Next Men Vol 1: Scattered

Last updated on October 27th, 2011 at 07:33 pm

First off I dropped the “John Byrne’s” from the title so it would be somewhat shorter, and I really don’t like it when a creator’s name is inserted into the title.  I had heard Byrne was picking up with the Next Men, fifteen years since the last issue was released by Dark Horse.  Now at IDW John Byrne’s Next Men Volume 1: Scattered collects the first four issues.

A new chapter begins in the lives of the survivors of Project Next Men. New friends, new foes, and a tale that literally twists time itself out of joint. When the thirty-issue story took a “time out” 15 years ago, it looked like John Byrne may never conclude his infectious tale. But now, after a long wait, we’ll learn what happened that fateful night when Santhana’s master plan took shape within the walls of the White House.

  • Writer: John Byrne
  • Artist: John Byrne
  • HC
  • FC
  • 104 Pages
  • Dimensions: 10.3 x 6.8 x 0.5 inches
  • $21.99 U.S.
  • ISBN: 978-1-60010-924-9
  • IDW


I vaguely remember reading the original series but came to this book with no memory of characters or story.  That’s just fine since you don’t need any prior knowledge of the book or characters to jump in, as it’s a mystery to the characters as well.  Members of the team are scattered around history, each trying to figure out what’s happened.  We’re only treated to the first four issues of the series so it ends with us not knowing much more than when we started, but there are enough hooks to keep us interested.


Our main characters end up during the civil war in the south, Nazi Germany, Victorian England, prehistoric, slightly in the future and far into the future.  Each presents its own challenges that we learn a little about and get a feel for our characters through snippets of history and how they deal with their dilemma.  A black woman in the south, a mutated man in Nazi Germany, a penniless woman in Victorian England: underdogs to the end.


Dialogue and facial expressions keep us engaged and rooting for our heroes as they face mystery upon mystery.  I would have appreciated this collection going beyond the four issues so I felt like some resolution could take place: as it is I’m engaged and wanting more which certainly isn’t a bad way to leave a reader.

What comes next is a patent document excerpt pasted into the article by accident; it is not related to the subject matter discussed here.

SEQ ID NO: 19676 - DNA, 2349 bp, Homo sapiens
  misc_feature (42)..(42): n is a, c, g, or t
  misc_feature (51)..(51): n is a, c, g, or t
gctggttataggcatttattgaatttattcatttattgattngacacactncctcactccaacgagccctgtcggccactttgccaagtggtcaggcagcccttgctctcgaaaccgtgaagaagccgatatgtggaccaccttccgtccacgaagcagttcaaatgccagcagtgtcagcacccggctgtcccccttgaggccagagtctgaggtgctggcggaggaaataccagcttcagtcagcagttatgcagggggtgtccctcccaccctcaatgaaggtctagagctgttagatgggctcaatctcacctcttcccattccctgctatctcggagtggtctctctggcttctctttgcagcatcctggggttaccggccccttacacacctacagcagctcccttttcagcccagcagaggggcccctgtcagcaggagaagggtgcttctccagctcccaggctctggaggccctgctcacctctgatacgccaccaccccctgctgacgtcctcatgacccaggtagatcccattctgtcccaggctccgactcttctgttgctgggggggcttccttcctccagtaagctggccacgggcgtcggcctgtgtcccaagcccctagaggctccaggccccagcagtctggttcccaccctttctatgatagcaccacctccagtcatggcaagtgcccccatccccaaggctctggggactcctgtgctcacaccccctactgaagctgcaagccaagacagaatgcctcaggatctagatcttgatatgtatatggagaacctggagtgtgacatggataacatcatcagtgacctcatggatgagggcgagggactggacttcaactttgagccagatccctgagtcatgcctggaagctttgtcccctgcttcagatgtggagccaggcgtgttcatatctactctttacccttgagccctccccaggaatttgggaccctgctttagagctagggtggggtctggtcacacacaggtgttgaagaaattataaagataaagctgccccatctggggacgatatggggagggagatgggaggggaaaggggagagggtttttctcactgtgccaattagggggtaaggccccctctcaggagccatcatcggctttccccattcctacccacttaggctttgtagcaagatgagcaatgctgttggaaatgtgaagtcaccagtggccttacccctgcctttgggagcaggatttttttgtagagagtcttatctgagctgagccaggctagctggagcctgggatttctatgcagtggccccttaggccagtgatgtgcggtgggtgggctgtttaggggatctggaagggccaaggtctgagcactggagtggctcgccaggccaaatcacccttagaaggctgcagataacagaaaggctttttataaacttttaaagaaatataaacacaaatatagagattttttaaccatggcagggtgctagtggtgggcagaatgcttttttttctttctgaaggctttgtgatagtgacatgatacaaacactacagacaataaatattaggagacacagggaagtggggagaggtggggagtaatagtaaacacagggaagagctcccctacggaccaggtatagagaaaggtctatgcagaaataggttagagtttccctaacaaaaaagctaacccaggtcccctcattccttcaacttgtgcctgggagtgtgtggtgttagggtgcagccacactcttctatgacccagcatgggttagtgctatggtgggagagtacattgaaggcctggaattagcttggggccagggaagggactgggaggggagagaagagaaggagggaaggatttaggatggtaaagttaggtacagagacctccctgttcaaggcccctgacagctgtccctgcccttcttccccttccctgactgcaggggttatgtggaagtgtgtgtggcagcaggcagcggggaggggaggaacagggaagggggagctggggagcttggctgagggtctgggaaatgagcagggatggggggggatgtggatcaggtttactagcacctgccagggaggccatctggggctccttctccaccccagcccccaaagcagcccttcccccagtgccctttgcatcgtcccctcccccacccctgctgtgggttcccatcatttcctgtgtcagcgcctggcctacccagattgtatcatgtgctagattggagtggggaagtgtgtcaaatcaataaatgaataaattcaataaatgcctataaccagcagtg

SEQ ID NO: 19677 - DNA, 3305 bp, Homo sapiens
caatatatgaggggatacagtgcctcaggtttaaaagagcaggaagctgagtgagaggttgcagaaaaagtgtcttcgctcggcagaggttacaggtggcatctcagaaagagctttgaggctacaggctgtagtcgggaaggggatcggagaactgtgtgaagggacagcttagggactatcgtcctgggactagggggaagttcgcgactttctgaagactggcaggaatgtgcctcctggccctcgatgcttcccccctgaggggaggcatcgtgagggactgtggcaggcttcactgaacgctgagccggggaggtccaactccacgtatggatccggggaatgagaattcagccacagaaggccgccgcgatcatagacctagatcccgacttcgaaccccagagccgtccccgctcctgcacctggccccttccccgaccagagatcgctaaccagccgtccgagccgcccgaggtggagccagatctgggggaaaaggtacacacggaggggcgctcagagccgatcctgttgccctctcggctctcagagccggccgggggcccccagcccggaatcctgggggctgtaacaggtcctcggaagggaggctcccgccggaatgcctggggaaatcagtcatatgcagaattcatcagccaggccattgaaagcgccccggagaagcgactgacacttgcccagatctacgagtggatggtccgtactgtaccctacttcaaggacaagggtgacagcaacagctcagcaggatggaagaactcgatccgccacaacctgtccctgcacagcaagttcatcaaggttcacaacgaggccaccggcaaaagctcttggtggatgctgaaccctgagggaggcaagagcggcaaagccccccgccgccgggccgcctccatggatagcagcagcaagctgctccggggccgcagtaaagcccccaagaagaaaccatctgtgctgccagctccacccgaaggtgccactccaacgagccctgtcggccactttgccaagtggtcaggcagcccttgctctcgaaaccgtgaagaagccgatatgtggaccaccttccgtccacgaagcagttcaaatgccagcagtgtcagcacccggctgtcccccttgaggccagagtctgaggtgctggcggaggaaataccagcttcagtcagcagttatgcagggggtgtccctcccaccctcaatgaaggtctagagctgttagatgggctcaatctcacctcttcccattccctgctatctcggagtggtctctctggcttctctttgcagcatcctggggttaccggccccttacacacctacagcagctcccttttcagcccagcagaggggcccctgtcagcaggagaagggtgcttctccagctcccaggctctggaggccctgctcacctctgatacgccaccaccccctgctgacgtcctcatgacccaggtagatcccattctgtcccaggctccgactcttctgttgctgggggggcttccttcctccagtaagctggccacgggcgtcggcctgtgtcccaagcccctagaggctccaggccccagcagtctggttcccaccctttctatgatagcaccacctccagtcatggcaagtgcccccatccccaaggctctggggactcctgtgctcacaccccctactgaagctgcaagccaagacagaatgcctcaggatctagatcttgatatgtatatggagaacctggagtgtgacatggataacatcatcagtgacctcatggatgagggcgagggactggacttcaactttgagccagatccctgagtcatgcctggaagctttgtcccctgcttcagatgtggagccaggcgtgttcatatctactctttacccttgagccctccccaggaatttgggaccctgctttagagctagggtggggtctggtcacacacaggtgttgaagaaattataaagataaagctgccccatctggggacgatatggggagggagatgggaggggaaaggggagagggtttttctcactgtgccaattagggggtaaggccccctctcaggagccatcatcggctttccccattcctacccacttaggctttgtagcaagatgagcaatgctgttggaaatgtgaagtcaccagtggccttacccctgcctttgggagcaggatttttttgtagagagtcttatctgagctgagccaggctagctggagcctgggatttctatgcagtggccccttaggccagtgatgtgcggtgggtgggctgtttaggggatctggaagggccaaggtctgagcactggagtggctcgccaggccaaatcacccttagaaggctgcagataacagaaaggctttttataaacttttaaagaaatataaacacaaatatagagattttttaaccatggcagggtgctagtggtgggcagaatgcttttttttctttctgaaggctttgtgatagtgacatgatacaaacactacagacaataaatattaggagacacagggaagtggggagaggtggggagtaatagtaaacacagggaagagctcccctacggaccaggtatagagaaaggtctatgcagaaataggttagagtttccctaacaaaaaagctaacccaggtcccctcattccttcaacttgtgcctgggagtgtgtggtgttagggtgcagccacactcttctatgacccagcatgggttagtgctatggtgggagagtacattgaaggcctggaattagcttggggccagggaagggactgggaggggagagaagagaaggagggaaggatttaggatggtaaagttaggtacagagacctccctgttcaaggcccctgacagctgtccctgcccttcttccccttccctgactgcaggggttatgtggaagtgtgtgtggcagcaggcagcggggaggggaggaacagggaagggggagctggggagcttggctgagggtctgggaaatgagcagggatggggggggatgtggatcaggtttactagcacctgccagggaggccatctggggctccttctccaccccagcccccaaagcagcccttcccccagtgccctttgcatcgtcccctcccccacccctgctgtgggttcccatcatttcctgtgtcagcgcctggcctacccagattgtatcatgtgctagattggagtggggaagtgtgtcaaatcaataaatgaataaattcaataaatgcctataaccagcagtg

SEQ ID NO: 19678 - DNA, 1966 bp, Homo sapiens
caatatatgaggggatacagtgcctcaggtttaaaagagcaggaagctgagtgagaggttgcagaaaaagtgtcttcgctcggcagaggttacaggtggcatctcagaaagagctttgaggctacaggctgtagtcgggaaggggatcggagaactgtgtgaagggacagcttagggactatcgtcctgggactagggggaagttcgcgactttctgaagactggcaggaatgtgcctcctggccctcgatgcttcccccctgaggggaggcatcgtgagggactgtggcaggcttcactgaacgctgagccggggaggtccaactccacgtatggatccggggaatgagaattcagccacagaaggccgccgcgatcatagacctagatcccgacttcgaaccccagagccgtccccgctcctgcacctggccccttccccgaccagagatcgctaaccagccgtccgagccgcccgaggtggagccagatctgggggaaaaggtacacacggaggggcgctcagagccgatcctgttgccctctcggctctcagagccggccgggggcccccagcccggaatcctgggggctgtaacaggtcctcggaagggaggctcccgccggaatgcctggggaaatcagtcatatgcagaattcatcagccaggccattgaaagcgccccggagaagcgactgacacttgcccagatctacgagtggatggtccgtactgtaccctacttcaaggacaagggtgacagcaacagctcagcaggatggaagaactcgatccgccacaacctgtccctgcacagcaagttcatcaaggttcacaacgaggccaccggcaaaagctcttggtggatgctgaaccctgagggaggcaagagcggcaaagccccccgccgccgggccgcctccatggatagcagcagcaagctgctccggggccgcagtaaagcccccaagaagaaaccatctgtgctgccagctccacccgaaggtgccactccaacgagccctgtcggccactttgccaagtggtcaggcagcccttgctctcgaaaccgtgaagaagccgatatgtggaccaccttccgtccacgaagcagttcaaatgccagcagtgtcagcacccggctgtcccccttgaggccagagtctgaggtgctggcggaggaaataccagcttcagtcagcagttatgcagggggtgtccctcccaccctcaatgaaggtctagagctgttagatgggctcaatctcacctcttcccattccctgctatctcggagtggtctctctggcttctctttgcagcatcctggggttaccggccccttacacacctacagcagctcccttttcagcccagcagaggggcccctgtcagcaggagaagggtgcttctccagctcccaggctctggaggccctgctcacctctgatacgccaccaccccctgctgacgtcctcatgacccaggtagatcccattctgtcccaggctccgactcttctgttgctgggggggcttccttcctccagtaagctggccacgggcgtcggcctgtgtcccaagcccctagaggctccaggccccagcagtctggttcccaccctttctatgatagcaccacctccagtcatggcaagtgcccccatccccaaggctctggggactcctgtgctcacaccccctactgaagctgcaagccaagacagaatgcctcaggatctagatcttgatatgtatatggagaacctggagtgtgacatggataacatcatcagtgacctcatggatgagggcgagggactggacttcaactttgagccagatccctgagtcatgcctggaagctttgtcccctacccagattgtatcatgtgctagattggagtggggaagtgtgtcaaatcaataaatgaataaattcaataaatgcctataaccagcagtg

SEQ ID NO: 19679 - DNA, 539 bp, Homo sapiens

Art as you can see if classic Byrne.  A little scratchy and rounded but you know what you’re getting from the cover alone.  Actually I’d say you’re getting more since Next Men Volume 1: Scattered is some of the best Byrne art I’ve seen in years and is a real treat for long-term fans and new readers alike.

For extras we get an introduction from Byrne, original covers in colour and inked, two inked interior pages plus a colour pin-up for the last page.  It’s not much but I always appreciate something from the creative team to give some background to the material.  The book feels light on value since it’s $22 for 104 standard sized pages, but the material is engaging and allows for multiple readings.

Scott VanderPloeg Written by:

Editor-In-Chief. Scott works in I.T. but lives to eat and read. His other ramblings can be found at eBabble. Art collection at Comic Art Fans. Joe Shuster Awards Harry Kremer coordinator.

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One Comment

  1. Charlie
    October 6, 2011

    Byrne is a master at his craft… and prime example of “good” not being good enough if you dream about being great. While his contemporaries, like Miller and Mignola have gone on to achieve mainstream commercial success, Byrne still hasn’t found that right formula which all creatives hope to stumble upon. Byrne is the Ivan Lendl of comics. A great player without the highly coveted Wimbledon title.

    But I love his work and continue to support it. I’ve got every issue of Next Men but haven’t read any. Someday, I’m gonna lay back in my couch and savour it like a 10oz strip loin with a bottle of red.

    Hey Scott, no mention of Holy Terror? I’m the one guy who actually enjoyed DK2 but what a disappointment this was. I don’t mind offensive racist comments or sexual content in comics if it’s purposeful. But this was nothing more then an expression of anger… I can understand the emotion but without the substance of an actual story, it fails to provide any perspective or meaning. This was a missed opportunity for Miller, more ways than one.

Make It Good.